5 Positive Signs from the Miami Heat's Early-Season Games
One of those signs is undoubtedly the great play of 37-year-old Ray Allen.
Allen's been an offensive force, nailing three-pointer after three-pointer, helping turn one of the NBA's best offenses into the league's best offense.
Let's further examine Allen's offensive contributions, as well as four other encouraging early season signs.
Mario Chalmers Is Dishing out More Assists While Turning It over Less Often
The guy Heat players love to yell at, Mario Chalmers, has been very productive to kick off the 2012-13 season.
Through the first four games, Chalmers has had two games where he's dished out 11 assists. To put that in perspective, Chalmers didn't reach double-digit assists once in the 64 games he appeared in last season. In fact, he didn't even post nine assists in a game in 2011-12.
What's also encouraging is that in those two 11-assist games, he only turned over the ball once in each.
Chalmers current assist to turnover ratio stands at 4.67:1, which places him 10th in the NBA. Last season, that ratio was 1.56:1, which ranked a horrific 62nd in the NBA.
It's only been four games, so it's jumping the gun to say that Chalmers has solved his high-turnover and low-assist issues for good; however, it's at least clear that he's made improvements in both aspects of his game.
Rashard Lewis Isn't Playing Like He Did Last Season
There was some worry that Rashard Lewis's days of being a productive NBA player were finished, considering how poorly he played last season as a member of the Washington Wizards (9.33 PER).
But so far, he looks like a completely different player. Lewis is averaging 8.5 points on 50 percent shooting from both the field and on three-pointers while also grabbing 4.3 rebounds per contest.
Lewis is 33 years old and obviously on the decline, so it's far from certain that he can maintain this level of play. However, all the Heat need him to be is an efficient bench scorer, and he looks like he will be more than capable.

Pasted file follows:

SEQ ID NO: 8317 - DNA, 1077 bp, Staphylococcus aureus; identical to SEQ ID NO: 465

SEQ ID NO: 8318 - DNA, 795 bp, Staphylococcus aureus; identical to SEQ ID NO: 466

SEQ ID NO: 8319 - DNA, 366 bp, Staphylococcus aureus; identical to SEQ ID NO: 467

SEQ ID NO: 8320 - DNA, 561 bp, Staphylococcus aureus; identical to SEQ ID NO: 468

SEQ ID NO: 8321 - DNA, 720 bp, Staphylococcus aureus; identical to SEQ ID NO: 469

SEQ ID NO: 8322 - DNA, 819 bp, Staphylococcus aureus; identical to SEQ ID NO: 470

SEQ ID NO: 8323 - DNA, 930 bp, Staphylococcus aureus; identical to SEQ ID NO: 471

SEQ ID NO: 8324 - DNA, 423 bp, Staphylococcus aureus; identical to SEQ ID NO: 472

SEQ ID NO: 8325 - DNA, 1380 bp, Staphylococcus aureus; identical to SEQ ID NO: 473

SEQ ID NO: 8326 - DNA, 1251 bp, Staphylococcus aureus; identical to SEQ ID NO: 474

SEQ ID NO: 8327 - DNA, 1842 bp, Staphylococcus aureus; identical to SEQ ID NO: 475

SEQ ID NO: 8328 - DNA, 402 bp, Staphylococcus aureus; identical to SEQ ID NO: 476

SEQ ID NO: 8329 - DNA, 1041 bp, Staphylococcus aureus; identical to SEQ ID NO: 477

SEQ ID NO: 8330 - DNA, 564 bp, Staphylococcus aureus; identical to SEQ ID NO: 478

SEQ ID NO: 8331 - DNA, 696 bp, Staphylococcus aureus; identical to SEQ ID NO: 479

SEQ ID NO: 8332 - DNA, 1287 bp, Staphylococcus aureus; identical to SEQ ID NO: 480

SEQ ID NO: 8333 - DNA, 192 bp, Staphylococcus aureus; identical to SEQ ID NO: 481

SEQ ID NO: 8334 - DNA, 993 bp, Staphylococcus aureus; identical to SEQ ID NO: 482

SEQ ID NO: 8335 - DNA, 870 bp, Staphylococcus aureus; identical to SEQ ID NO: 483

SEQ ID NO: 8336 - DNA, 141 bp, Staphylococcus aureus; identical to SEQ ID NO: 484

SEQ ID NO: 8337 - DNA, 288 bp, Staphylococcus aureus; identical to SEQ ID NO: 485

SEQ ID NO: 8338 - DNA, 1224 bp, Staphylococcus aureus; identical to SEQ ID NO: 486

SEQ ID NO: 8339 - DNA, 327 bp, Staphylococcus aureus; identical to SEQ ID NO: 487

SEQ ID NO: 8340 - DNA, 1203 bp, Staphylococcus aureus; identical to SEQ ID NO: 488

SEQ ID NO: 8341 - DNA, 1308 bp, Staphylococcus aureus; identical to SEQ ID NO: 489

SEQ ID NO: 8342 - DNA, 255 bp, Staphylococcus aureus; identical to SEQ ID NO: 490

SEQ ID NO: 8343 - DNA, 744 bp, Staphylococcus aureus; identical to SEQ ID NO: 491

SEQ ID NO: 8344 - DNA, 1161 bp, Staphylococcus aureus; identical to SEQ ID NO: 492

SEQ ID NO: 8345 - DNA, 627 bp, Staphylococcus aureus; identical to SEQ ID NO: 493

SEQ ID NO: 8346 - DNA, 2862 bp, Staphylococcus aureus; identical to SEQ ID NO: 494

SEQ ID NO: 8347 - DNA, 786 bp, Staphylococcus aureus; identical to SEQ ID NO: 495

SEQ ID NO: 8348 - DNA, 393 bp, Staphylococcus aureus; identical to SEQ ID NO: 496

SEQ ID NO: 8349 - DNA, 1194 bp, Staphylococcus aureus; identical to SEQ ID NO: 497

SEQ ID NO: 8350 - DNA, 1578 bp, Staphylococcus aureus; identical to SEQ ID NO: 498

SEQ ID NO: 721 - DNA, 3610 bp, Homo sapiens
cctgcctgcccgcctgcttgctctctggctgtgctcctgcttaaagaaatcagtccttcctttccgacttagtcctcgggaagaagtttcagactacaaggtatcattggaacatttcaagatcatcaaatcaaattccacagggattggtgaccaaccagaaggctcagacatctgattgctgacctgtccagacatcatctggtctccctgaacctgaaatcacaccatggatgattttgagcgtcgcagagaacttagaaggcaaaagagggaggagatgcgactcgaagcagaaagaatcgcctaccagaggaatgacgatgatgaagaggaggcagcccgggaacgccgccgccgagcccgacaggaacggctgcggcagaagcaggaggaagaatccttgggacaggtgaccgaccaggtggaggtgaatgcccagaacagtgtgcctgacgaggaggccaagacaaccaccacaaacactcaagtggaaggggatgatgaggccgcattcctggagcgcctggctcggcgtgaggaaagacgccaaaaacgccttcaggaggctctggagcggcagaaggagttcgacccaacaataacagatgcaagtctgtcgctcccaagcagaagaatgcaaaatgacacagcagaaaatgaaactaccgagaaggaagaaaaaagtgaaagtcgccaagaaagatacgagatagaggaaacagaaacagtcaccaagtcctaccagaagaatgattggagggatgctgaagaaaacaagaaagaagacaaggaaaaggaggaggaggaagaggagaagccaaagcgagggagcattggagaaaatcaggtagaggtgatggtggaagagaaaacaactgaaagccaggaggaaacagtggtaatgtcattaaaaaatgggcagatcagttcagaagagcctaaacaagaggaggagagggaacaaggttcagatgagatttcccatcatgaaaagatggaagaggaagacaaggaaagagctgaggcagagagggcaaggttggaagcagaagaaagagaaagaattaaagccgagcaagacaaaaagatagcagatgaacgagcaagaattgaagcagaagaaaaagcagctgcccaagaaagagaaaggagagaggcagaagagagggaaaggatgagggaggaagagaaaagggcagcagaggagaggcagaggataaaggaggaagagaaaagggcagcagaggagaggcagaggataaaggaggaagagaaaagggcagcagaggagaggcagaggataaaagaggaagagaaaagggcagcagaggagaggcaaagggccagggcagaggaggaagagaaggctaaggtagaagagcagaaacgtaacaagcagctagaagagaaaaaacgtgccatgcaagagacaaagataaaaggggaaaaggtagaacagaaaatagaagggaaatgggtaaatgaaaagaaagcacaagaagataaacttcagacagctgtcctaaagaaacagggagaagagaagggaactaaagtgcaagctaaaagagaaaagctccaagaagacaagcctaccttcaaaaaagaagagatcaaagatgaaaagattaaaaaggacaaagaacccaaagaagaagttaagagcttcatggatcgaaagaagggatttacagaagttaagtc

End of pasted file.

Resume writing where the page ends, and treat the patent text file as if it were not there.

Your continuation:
Lewis represented a low-risk/high-reward signing for the Heat, and to this point, it's been all reward for Miami.
Ray Allen Has Been Even Better Than Expected
While Miami doesn't need Ray Allen to win, he sure is nice to have.
Allen has been nothing short of spectacular thus far, averaging 15.5 points on an absurd 57.6 percent shooting from the field and an even more absurd 60 percent from three-point land.
Simply put, Allen has made the Heat offense almost impossible to stop.
Case and point, the Heat's final offensive possession against the Denver Nuggets on November 3, in which Allen knocked down a game-winning three-pointer with 6.7 seconds left. When LeBron started driving with 10 seconds left, Nuggets guard Corey Brewer had a choice: guard Allen in the corner, where he shoots 57 percent from (which is the best shooting percentage for any player from any spot in the NBA) or to try and stop LeBron from driving.
As the result shows, Allen makes it an impossible decision to make for Brewer.
Allen's play is a huge reason the Heat are averaging 111.8 points per game, and he is already building a strong case for Sixth Man of the Year.
The Heat Can Overcome Worse Defense
Throughout the first two seasons of the Big Three Era, the Heat were an elite defensive team. So it's quite shocking to see them currently ranked 29th in points allowed per game after four games.
But there is good news. Even while playing uncharacteristically bad defense, the Heat are still 3-1, with one of those victories being a convincing victory over a very talented Boston Celtics team.
Plus, with the team having an elite defensive head coach in Erik Spoelstra and some of the best defensive talent in the NBA, such as Wade and James, expect them to play much better defense sooner than later.
Still, the 2012-13 Heat have proven that their offense is so dynamic that they can still thrive even if they're not at their best defensively (or near their best, which has been the case so far).
Dwyane Wade Is Explosive Again
The health of Dwyane Wade's knee and how it would impact his play was a concern entering the season, but thus far, it's been a non-issue.
He's displayed his usual elite quickness and explosiveness, and has per game averages of 20 points, 4.5 assists, 3.5 rebounds, 1.5 steals and 1.3 blocks.
The scoring is a bit down from his 22.1 per game average last season, but that has more to do with the Heat having new offensive weapons that need shots than Wade declining in skill.
Plus, considering the Heat's championship aspirations, Wade's good health is much more important than his scoring output in November.
Athletically, Dwyane Wade is Dwyane Wade again. As long as that's the case, the Heat are the clear-cut favorite to win the 2013 NBA title.